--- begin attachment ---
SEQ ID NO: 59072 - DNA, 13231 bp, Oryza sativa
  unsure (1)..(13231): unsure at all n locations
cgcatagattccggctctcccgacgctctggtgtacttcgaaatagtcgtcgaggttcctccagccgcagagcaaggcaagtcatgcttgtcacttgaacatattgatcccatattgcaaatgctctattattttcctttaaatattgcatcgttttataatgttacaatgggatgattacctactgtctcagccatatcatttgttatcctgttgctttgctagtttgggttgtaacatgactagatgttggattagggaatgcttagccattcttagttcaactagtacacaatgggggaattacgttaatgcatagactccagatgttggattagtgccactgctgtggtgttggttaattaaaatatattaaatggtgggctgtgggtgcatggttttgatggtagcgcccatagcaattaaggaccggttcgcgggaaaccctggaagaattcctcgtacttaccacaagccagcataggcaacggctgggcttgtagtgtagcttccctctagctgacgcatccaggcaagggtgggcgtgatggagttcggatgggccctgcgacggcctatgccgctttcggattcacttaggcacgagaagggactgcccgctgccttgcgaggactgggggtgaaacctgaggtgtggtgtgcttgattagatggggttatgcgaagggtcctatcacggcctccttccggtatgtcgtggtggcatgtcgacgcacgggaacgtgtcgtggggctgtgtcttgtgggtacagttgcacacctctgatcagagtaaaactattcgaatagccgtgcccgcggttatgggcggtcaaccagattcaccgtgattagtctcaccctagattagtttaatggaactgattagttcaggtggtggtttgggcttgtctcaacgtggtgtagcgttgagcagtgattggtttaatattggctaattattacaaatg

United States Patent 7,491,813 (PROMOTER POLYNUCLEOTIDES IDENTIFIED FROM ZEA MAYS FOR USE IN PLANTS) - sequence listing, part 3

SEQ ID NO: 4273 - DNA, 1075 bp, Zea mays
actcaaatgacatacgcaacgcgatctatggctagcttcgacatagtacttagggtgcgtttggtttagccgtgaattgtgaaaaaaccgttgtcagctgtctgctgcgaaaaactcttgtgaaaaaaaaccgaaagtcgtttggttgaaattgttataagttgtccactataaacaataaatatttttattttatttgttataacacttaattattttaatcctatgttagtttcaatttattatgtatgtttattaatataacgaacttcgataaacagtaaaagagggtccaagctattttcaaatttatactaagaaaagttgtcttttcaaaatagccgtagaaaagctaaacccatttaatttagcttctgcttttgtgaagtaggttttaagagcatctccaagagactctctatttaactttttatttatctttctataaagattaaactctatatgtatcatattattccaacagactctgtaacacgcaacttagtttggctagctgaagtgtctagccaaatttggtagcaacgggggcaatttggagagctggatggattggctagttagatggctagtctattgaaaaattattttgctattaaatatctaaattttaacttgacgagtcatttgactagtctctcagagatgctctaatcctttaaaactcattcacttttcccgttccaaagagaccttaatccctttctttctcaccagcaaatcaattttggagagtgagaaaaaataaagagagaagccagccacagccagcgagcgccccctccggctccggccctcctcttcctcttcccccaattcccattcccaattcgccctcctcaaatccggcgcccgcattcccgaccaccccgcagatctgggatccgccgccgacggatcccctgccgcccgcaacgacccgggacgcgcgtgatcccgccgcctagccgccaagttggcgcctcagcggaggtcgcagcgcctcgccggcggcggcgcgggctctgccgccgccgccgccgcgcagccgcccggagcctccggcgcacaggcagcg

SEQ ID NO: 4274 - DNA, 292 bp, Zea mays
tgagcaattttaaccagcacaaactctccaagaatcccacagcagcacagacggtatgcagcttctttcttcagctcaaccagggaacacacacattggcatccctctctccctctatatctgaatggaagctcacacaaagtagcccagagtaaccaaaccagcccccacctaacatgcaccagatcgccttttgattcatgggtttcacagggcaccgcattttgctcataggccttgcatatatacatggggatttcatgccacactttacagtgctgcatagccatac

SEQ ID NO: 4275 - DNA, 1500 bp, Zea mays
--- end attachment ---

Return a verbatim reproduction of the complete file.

SEQ ID NO: 59072 - DNA, 13231 bp, Oryza sativa
  unsure (1)..(13231): unsure at all n locations
cgcatagattccggctctcccgacgctctggtgtacttcgaaatagtcgtcgaggttcctccagccgcagagcaaggcaagtcatgcttgtcacttgaacatattgatcccatattgcaaatgctctattattttcctttaaatattgcatcgttttataatgttacaatgggatgattacctactgtctcagccatatcatttgttatcctgttgctttgctagtttgggttgtaacatgactagatgttggattagggaatgcttagccattcttagttcaactagtacacaatgggggaattacgttaatgcatagactccagatgttggattagtgccactgctgtggtgttggttaattaaaatatattaaatggtgggctgtgggtgcatggttttgatggtagcgcccatagcaattaaggaccggttcgcgggaaaccctggaagaattcctcgtacttaccacaagccagcataggcaacggctgggcttgtagtgtagcttccctctagctgacgcatccaggcaagggtgggcgtgatggagttcggatgggccctgcgacggcctatgccgctttcggattcacttaggcacgagaagggactgcccgctgccttgcgaggactgggggtgaaacctgaggtgtggtgtgcttgattagatggggttatgcgaagggtcctatcacggcctccttccggtatgtcgtggtggcatgtcgacgcacgggaacgtgtcgtggggctgtgtcttgtgggtacagttgcacacctctgatcagagtaaaactattcgaatagccgtgcccgcggttatgggcggtcaaccagattcaccgtgattagtctcaccctagattagtttaatggaactgattagttcaggtggtggtttgggcttgtctcaacgtggtgtagcgttgagcagtgattggtttaatattggctaattattacaaatg

United States Patent 7,491,813 (PROMOTER POLYNUCLEOTIDES IDENTIFIED FROM ZEA MAYS FOR USE IN PLANTS) - sequence listing, part 3

SEQ ID NO: 4273 - DNA, 1075 bp, Zea mays
actcaaatgacatacgcaacgcgatctatggctagcttcgacatagtacttagggtgcgtttggtttagccgtgaattgtgaaaaaaccgttgtcagctgtctgctgcgaaaaactcttgtgaaaaaaaaccgaaagtcgtttggttgaaattgttataagttgtccactataaacaataaatatttttattttatttgttataacacttaattattttaatcctatgttagtttcaatttattatgtatgtttattaatataacgaacttcgataaacagtaaaagagggtccaagctattttcaaatttatactaagaaaagttgtcttttcaaaatagccgtagaaaagctaaacccatttaatttagcttctgcttttgtgaagtaggttttaagagcatctccaagagactctctatttaactttttatttatctttctataaagattaaactctatatgtatcatattattccaacagactctgtaacacgcaacttagtttggctagctgaagtgtctagccaaatttggtagcaacgggggcaatttggagagctggatggattggctagttagatggctagtctattgaaaaattattttgctattaaatatctaaattttaacttgacgagtcatttgactagtctctcagagatgctctaatcctttaaaactcattcacttttcccgttccaaagagaccttaatccctttctttctcaccagcaaatcaattttggagagtgagaaaaaataaagagagaagccagccacagccagcgagcgccccctccggctccggccctcctcttcctcttcccccaattcccattcccaattcgccctcctcaaatccggcgcccgcattcccgaccaccccgcagatctgggatccgccgccgacggatcccctgccgcccgcaacgacccgggacgcgcgtgatcccgccgcctagccgccaagttggcgcctcagcggaggtcgcagcgcctcgccggcggcggcgcgggctctgccgccgccgccgccgcgcagccgcccggagcctccggcgcacaggcagcg

SEQ ID NO: 4274 - DNA, 292 bp, Zea mays
tgagcaattttaaccagcacaaactctccaagaatcccacagcagcacagacggtatgcagcttctttcttcagctcaaccagggaacacacacattggcatccctctctccctctatatctgaatggaagctcacacaaagtagcccagagtaaccaaaccagcccccacctaacatgcaccagatcgccttttgattcatgggtttcacagggcaccgcattttgctcataggccttgcatatatacatggggatttcatgccacactttacagtgctgcatagccatac

SEQ ID NO: 4275 - DNA, 1500 bp, Zea mays